Tuesday, May 17, 2011

Irregardless, and More Importantly: Do You Know What Is Wrong Here?

So today I am listening to a talk radio show.  They are discussing whether college is important or not.  Many are arguing that it is not because you can’t get a job with a bachelor’s degree anyway.  Perhaps true.  I will keep my opinions about college and who should go and who should not, to myself.  But to the guy who called in to say college was unnecessary because he dropped out and still started up his own marketing firm irregardless of not having a degree, I would like to say to you that perhaps had you not dropped out, you might know that irregardless is not a word.

People who do not know the basics of our English language are not getting on my ark.

We spend so much more money on education now than we did when I was growing up.  I have to wonder where it all goes.  Ignoring the fact that I get a list of twenty-some-odd things I need to buy for my first grader to take to school with him that used to be provided to the students, things like crayons, glue, scissors, pencils, etc. Forgetting the fact that many classes such as art, gym and music that were part of the curriculum 30 years ago are no longer available to all the students.  Ignoring the fact that uniforms are no longer provided to our athletes and busing is only available to an elite few, what I have noticed most is that the quality of education has gone right down the toilet.
Why can’t the teenager at CVS make change?  Was it third grade where we learned how to do that?  We had worksheets and even play money and we’d have to come up with all the ways to make 37 cents.  You remember that right? 
Or what the heck is creative spelling?  No I’m not asking, I’ve had it explained to me by my son’s teacher when I explained to her that no I don’t want “skool” to be an acceptable spelling, at least not from my son.  I want him to be held to standards. I want him to know right from wrong and I don’t want him to think that almost right is good enough.  It isn’t.  Have you ever tried to unlearn something you were told was right?  I have and it is darn near impossible.  As a graduate of a prestigious MFA program, I still have to double-check my comma usage every time because once upon a time someone explained commas to a grade school class by telling us you put one where you take a breath.  Really?  I wish I could go back to that teacher and tell her if you don’t know how to do something, look it up, almost isn’t good enough!
            But for some reason, the one that gets me most is incorrect grammar usage.  I know the English language is difficult and complicated.  I know it is one of the more difficult languages to learn, but for now anyway, most of us here in America are learning it as a native language, by example and through immersion and it should not be deteriorating at such a rapid rate.  And it is doing so because so few people have been taught to speak and write correctly and even fewer have been held to that standard in school or in life.  Language is generally learned through imitation.  If children hear adults speaking correctly, they will learn to speak correctly.  But conversely, if children hear adults talking wrong they’re gonna talk wrong too.  (Hopefully you caught the intentional errors and sarcasm there).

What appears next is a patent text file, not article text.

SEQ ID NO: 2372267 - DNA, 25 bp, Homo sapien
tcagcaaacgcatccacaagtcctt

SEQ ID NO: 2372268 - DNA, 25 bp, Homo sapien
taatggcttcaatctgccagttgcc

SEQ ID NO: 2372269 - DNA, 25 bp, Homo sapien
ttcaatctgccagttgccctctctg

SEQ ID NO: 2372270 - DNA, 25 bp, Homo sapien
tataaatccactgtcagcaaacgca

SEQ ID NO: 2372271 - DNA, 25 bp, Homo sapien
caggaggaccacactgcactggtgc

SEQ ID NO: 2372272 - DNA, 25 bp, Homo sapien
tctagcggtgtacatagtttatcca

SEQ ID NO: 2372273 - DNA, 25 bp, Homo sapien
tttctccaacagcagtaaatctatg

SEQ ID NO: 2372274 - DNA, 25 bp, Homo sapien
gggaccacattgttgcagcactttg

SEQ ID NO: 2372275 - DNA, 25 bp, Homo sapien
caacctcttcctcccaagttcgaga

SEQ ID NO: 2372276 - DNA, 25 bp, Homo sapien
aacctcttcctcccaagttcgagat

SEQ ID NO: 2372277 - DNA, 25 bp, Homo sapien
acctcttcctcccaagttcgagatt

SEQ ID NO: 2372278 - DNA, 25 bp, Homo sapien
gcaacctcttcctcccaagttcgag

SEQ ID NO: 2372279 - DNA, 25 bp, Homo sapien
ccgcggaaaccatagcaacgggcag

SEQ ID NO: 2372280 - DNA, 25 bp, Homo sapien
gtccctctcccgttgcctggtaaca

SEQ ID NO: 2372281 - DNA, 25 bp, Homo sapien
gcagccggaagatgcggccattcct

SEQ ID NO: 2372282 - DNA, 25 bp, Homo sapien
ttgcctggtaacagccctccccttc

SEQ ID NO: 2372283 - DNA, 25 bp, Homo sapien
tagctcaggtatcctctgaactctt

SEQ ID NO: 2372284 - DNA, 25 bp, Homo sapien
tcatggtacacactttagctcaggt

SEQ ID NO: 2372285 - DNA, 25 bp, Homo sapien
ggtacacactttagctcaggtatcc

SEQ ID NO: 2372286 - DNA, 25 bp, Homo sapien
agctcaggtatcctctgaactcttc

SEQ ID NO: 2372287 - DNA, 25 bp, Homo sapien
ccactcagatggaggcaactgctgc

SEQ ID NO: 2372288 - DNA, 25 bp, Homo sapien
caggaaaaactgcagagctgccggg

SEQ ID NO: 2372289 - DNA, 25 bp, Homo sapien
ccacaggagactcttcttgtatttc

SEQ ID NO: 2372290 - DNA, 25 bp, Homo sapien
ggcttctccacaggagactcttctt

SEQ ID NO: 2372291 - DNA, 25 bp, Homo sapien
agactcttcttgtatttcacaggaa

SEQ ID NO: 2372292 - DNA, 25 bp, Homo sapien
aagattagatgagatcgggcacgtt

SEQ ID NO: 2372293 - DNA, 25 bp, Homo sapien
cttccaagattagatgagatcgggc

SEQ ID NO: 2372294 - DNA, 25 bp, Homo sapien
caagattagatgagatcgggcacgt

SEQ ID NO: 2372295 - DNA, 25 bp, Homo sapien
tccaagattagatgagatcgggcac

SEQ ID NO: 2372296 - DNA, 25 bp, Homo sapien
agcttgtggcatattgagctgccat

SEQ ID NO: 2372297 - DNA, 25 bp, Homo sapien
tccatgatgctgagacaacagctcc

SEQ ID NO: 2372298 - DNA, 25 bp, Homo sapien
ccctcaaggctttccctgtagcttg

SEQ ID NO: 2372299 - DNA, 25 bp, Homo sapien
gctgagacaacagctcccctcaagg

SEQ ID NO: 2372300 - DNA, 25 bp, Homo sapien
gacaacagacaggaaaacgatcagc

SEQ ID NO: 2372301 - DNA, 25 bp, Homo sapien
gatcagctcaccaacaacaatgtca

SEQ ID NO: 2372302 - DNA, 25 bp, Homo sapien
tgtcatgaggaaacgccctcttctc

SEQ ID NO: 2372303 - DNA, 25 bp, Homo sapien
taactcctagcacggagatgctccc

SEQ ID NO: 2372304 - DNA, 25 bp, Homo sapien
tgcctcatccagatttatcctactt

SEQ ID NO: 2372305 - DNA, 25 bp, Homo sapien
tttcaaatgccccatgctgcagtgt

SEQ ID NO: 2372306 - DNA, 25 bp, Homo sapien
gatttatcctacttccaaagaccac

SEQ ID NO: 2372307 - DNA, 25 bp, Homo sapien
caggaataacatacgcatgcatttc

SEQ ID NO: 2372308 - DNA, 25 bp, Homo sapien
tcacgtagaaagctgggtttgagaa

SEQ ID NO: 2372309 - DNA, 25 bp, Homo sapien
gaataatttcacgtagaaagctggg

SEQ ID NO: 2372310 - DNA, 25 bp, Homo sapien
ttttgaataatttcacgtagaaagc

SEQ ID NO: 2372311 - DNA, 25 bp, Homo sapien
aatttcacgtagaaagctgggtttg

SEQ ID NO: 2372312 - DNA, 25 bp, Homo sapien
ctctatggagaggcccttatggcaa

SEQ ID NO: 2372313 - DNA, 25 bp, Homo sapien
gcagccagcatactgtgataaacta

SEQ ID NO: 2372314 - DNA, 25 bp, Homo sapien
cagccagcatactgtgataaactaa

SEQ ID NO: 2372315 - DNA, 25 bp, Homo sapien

There was a day when you could listen to the news and hear a well-educated knowledgeable voice telling you about the day’s events.  Walter Cronkite, Edward R. Murrow, Ted Koppel would never have said more importantly.  Why?  Because something cannot be more importantly.  It can be more important than something else, but it cannot be more importantly.  Can you hear how ignorant that sounds that something is more importantly than another thing?  Yet everyone says more importantly today, including the so-called experts on television.  I went to a school where news broadcasting was a major, where people had to get a degree in how to speak on television.  So I have to wonder, why wasn’t being in command of the English language a prerequisite for that degree?
As a former college professor, I can tell you that it is not a prerequisite for college acceptance, at least not at the state school where I taught.  My very first semester teaching, I went to the head of my department and expressed that 90% of my class was in danger of failing because they could not write a complete sentence.  I am not exaggerating here.  I was teaching freshman composition and I found myself having to spend more time on basic English grammar like, and I quote, “a noun verbing” in order to teach them how to write before I could teach them how to write
So please, the next time you are about say more importantly, or irregardless, or gonna instead of going to, think twice.  The schools are not going to teach our children to sound intelligent; they are going to let their ignorance slide.  If you want your children, your broadcasters, and yes, even your politicians to sound intelligent, you have to lead by example because if public education isn’t going to provide pencils or proper spelling requirements, they certainly aren’t going to worry about modifiers and participles.